HomeNovember 2016The effect of Brexit on Irish health services

The effect of Brexit on Irish health services

In one of his great songs from 1999, Paul Brady poses a series of questions and admits that in each case – ‘the answer is, nobody knows,’ writes Denis Doherty.

Denis Doherty
Denis Doherty

The British Prime Minister, Teresa May, has taken to asserting that ‘Brexit means Brexit’. What does she mean by that? The answer is, nobody knows.

Four core requirements of EU membership are acceptance of the right to free movement of people, goods, services and capital. These apply also in cases of special relationships offered to non-EU members, for example Norway and Switzerland.

Little consideration has been given, in the public debate so far, to the likely consequences for Irish healthcare professionals and Irish patients of Britain leaving the EU.

It appears that Britain does not have a difficulty in relation to the free movement of goods, services and capital but is not any longer prepared to accommodate the free movement of people from the EU into Britain. The likely result of persisting with that position is that the parting of the ways will be acrimonious and will have serious implications for Ireland’s relationship with the EU and with Britain.

Little consideration has been given, in the public debate so far, to the likely consequences for Irish healthcare professionals and Irish patients of Britain leaving the EU.

The NHS has always been a big employer of Irish doctors, nurses and healthcare workers. Many Irish people trained in the NHS and enjoyed satisfying, well paid careers in Britain. Others returned to work in our health service having trained in the NHS and gained valuable experience there. The traffic has not been all one way. There are many Irish people now working in the NHS, at all levels and across the full range of health professions, who trained in Ireland. Even though NHS employers are still actively recruiting in Ireland many of them are fearful that some of their existing Irish staff members may become concerned about the security of their jobs, and leave to return to jobs at home. That fear is compounded by the sharp fall in the value of the pound sterling against the euro, which has eroded the perceived competitive advantage enjoyed by NHS employers up until recently.

The argument that the special relationship between Britain and Ireland, which predates our membership of the EU, will endure is used to allay that fear. The fact is that up until now, Britain and Ireland have together been either members or non-members of the EU. Will the special relationship be capable of surviving the departure of Britain from the EU? What would be the implications of, for example, Britain deciding to discontinue the reciprocal recognition of qualifications obtained in EU Member States? The answer is, nobody knows!

Of more concern to Irish patients ought to be the discontinuation of our entitlement to source treatment in Britain.

Bilateral arrangements between Ireland and Britain may offer a solution but at a cost. Regulators of the health professions in Ireland would have to put arrangements in place to take account of whatever arrangements replace the current mutual recognition of qualifications arrangement. Would Irish and other EU citizens, holding qualifications awarded in Britain, have to follow the non-EU countries route to establish their entitlement to practise in the EU? The answer is nobody knows!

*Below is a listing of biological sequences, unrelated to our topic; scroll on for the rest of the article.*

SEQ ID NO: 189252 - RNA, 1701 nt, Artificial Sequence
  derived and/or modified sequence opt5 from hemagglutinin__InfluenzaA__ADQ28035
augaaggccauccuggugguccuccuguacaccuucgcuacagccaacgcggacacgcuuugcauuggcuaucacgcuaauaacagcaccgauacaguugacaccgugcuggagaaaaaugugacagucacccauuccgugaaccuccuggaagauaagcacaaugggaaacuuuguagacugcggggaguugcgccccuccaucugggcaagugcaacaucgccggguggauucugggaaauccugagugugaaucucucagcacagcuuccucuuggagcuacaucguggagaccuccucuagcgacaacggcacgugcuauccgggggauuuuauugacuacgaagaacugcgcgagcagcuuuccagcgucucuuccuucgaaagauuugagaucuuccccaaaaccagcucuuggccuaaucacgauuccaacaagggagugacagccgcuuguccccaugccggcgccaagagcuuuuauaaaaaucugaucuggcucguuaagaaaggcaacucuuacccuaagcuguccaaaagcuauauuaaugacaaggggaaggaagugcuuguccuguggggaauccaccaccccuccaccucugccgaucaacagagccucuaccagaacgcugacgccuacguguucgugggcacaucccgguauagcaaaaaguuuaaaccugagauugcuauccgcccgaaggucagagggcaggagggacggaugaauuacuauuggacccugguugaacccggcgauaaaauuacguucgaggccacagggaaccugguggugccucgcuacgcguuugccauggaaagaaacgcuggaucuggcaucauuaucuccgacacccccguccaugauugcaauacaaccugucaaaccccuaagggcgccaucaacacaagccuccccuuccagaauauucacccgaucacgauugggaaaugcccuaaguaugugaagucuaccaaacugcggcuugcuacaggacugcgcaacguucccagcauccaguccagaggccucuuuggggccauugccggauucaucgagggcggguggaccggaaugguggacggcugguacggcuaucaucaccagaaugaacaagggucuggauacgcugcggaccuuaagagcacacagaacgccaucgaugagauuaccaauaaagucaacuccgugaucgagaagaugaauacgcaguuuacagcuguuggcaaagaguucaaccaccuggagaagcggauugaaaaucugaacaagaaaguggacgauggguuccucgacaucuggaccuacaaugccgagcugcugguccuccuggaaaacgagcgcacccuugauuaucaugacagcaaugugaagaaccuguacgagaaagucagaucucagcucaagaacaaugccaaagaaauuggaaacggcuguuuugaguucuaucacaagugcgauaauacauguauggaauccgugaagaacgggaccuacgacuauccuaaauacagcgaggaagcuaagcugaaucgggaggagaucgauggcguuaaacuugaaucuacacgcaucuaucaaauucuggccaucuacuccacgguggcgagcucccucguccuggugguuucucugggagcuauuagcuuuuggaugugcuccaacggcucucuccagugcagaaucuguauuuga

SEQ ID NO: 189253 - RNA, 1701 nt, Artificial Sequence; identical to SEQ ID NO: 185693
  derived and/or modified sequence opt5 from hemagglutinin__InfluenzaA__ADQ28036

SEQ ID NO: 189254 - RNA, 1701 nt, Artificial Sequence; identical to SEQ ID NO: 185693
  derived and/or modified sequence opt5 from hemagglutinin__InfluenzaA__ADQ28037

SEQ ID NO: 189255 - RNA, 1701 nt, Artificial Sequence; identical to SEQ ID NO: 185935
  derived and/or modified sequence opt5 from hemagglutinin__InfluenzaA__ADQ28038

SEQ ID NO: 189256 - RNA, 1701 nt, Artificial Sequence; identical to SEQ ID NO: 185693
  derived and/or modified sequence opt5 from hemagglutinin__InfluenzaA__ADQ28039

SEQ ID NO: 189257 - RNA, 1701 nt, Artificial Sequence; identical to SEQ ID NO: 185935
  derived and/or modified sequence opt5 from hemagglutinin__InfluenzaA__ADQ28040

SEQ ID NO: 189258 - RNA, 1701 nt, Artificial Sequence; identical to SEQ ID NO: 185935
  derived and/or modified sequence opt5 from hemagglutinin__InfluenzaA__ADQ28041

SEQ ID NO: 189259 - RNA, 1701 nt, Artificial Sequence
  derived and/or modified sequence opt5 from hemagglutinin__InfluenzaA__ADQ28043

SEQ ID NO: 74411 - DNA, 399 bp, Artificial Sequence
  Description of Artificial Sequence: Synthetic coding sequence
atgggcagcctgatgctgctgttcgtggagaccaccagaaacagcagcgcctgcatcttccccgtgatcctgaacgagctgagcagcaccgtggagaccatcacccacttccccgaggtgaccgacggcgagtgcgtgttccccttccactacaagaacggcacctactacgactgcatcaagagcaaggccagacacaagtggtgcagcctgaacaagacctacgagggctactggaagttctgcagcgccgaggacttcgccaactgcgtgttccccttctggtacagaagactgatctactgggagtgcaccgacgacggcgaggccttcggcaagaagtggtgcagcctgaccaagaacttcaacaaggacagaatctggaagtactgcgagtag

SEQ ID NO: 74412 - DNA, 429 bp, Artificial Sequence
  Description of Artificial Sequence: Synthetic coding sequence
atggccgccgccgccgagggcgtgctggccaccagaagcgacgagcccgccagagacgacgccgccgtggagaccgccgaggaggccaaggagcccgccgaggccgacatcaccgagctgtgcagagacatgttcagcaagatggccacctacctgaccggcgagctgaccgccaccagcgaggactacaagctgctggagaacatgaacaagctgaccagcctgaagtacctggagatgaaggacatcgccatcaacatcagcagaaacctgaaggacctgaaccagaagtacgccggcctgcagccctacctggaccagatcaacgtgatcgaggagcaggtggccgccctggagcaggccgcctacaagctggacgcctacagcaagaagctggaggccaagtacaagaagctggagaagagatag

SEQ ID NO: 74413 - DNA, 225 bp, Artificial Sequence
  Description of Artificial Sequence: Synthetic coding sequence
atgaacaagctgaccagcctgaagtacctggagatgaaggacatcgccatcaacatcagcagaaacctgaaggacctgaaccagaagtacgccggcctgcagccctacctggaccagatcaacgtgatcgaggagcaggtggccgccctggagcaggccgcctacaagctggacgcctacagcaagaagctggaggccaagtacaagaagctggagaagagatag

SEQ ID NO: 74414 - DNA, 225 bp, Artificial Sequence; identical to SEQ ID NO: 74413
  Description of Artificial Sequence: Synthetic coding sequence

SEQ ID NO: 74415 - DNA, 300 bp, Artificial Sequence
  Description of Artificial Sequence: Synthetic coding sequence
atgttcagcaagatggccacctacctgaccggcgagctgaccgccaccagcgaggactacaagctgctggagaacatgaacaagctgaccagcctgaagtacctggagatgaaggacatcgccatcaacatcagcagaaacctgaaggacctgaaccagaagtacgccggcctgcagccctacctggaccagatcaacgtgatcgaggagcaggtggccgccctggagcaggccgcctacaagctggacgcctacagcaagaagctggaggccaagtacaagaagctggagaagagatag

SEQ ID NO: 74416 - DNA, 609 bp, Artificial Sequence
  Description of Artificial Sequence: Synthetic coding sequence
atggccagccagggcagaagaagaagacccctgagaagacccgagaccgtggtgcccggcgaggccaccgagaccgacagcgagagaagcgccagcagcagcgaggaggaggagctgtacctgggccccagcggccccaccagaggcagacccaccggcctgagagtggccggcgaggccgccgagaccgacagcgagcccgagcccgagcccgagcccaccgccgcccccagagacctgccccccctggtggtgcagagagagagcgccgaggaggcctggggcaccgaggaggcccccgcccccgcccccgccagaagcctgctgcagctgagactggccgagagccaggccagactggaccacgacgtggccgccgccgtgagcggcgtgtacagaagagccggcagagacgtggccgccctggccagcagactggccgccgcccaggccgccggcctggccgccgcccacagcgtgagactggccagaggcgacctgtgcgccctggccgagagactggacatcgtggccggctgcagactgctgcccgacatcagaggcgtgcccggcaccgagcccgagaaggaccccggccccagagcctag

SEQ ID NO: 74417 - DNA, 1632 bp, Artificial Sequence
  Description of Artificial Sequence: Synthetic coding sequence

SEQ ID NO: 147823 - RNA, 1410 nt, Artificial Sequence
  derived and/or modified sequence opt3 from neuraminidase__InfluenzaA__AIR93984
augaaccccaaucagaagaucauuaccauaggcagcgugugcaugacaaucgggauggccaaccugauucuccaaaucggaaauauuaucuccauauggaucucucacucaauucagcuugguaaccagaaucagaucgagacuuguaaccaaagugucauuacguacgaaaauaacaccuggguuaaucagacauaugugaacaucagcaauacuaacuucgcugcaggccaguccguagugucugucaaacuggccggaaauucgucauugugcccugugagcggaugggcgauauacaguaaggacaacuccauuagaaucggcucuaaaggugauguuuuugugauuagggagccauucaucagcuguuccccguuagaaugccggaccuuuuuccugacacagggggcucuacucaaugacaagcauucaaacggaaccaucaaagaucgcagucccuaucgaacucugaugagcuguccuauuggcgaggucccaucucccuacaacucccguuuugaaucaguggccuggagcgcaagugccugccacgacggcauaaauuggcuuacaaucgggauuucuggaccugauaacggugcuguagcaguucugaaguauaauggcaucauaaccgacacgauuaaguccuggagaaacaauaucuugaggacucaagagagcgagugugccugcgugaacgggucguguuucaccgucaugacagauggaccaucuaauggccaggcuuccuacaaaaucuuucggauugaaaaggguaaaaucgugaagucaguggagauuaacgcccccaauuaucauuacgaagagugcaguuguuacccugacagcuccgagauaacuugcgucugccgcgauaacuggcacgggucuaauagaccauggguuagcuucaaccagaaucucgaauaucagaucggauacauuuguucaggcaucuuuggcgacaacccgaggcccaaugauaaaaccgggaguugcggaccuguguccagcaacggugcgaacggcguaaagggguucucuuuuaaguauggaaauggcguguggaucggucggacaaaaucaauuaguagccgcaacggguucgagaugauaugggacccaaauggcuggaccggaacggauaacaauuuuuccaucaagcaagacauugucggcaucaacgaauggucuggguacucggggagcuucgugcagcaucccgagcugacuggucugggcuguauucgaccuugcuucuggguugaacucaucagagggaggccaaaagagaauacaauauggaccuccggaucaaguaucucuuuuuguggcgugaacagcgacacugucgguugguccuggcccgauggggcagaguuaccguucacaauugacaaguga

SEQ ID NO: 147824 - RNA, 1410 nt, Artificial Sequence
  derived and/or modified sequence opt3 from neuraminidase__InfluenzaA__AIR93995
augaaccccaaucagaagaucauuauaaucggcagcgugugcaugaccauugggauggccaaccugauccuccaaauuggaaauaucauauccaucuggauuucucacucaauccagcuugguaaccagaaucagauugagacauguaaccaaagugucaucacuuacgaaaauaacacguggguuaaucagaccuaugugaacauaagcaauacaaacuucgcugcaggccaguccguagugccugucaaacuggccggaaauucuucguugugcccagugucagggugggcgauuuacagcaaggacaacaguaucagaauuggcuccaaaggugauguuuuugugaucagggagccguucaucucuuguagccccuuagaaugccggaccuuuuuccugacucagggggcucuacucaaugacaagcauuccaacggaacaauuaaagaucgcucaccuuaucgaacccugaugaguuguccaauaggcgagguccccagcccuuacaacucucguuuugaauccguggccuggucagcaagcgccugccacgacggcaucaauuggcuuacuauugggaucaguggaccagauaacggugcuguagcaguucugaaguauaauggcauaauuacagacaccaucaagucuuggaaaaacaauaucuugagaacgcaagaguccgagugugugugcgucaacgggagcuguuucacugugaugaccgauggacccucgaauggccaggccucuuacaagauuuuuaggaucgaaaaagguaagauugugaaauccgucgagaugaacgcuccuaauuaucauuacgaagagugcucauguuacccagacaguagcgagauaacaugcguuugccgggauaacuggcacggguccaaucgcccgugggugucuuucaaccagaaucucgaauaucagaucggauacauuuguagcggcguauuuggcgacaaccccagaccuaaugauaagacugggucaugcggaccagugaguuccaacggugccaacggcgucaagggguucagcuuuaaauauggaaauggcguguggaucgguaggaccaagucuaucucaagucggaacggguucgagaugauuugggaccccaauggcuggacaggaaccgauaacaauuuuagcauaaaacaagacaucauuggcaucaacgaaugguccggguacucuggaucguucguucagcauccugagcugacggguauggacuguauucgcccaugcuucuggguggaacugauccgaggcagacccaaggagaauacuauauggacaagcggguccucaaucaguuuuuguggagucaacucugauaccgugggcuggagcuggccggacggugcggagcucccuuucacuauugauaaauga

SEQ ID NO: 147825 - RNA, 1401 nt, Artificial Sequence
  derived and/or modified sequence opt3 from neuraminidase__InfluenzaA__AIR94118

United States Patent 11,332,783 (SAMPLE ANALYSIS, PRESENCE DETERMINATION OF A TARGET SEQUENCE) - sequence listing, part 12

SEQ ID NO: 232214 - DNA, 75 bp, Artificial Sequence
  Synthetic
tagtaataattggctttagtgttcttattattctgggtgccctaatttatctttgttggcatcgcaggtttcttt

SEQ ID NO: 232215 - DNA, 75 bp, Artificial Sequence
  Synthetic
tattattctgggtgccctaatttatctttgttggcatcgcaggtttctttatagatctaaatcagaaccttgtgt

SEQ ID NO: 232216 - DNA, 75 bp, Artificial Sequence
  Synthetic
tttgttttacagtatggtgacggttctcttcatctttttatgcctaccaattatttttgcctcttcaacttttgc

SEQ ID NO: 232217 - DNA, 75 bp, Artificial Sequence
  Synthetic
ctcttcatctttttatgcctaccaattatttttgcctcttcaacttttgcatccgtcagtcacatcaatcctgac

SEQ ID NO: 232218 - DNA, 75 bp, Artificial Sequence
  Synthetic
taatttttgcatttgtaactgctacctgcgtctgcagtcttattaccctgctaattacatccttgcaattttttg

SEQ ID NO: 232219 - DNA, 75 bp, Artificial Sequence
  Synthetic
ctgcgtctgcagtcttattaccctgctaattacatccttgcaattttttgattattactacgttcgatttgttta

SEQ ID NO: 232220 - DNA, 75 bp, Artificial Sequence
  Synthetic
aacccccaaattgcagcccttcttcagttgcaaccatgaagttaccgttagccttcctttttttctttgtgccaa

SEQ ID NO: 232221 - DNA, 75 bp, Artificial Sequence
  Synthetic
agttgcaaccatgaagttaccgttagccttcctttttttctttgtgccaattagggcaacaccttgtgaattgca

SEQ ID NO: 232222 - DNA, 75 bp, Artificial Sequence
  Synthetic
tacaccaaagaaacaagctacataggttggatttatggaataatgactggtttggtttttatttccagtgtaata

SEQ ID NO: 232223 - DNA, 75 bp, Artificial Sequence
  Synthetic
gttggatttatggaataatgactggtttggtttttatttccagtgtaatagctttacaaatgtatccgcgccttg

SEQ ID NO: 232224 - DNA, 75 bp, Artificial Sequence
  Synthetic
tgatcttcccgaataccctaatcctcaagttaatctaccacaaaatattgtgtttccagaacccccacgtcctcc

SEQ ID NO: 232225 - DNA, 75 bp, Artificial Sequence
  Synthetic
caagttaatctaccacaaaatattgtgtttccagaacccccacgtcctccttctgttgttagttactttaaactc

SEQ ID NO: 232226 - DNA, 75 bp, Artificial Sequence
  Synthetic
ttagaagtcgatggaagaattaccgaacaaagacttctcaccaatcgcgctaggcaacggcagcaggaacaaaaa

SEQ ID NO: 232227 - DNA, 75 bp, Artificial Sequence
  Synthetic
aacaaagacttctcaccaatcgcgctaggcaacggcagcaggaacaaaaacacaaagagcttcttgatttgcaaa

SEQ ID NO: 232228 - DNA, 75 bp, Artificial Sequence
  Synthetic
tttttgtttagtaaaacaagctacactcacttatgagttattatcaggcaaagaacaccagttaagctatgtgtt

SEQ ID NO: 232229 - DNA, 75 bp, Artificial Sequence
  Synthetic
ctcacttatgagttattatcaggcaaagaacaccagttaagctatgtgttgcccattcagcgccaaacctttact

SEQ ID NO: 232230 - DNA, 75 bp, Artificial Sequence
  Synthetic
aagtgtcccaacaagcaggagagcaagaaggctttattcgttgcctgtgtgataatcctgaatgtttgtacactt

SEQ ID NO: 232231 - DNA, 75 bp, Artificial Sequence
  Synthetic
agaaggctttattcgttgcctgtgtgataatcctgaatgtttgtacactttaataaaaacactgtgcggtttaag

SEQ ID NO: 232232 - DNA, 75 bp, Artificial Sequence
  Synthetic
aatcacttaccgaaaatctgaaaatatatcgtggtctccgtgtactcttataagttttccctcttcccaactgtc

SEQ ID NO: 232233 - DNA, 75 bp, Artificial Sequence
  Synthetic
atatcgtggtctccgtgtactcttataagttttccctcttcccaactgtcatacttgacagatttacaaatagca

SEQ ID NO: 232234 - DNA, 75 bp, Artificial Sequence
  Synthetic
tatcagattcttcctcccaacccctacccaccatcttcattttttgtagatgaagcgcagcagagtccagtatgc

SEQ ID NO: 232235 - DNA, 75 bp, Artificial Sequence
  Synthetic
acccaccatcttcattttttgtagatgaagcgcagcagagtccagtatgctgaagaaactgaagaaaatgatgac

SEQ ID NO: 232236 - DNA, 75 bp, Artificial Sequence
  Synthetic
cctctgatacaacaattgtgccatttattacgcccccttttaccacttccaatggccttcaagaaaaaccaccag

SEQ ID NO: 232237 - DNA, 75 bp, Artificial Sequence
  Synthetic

Patients’ current entitlement, to avail of health services in Britain and Northern Ireland, will also change. The current EHIC entitlement of Irish citizens to health services in Britain and Northern Ireland, while visiting there, will cease when Britain leaves the EU. It could be replaced by a bilateral arrangement between Ireland and Britain, but neither of the parties to that agreement would be obliged to offer terms as favourable as those we currently enjoy.

Of more concern to Irish patients ought to be the discontinuation of our entitlement to source treatment in Britain, in certain circumstances, where there are delays in having the treatment concerned offered here, and have the cost involved met by the HSE. Efforts will be made to allay that concern by pointing to the possibility of the entitlement being replaced by a bilateral agreement that would offer a similar level of entitlement. It will also be pointed out that the option of what is known as the S2 route will continue. That assumes that Britain will become a member of the European Economic area. Entitlements using the S2 route are more restrictive and less favourable than those covered by the EU Directive on Cross Border Healthcare. A bilateral agreement would be unlikely to have enshrined in it the range of protections a EU Directive affords patients.

Waiting lists for treatment in our hospitals are, we are told, at an all time high. Why then are patients not being informed of their entitlement to seek the treatment they require in a hospital elsewhere in the EU and obtain reimbursement, of what the treatment would cost in Ireland, from the HSE? Why are patients who have been judged to require treatment for a medical condition, that is not immediately available here, not encouraged to avail of their entitlement to seek treatment in another EU Member State? The answer, it seems, is cost!

In reality, waiting lists are a crude mechanism for controlling costs. Money spent on treating Irish patients abroad comes out of the same pot from which our hospitals are funded. For that reason, Irish governments may not be enthusiastic about putting new arrangements in place to replace entitlements of patients to avail of treatment in Britain following Britain’s departure from the EU.

For the present then, we are left still wondering – why did David (Cameron), like Elvis in Brady’s song, throw it all away? The answer to that too is, nobody knows!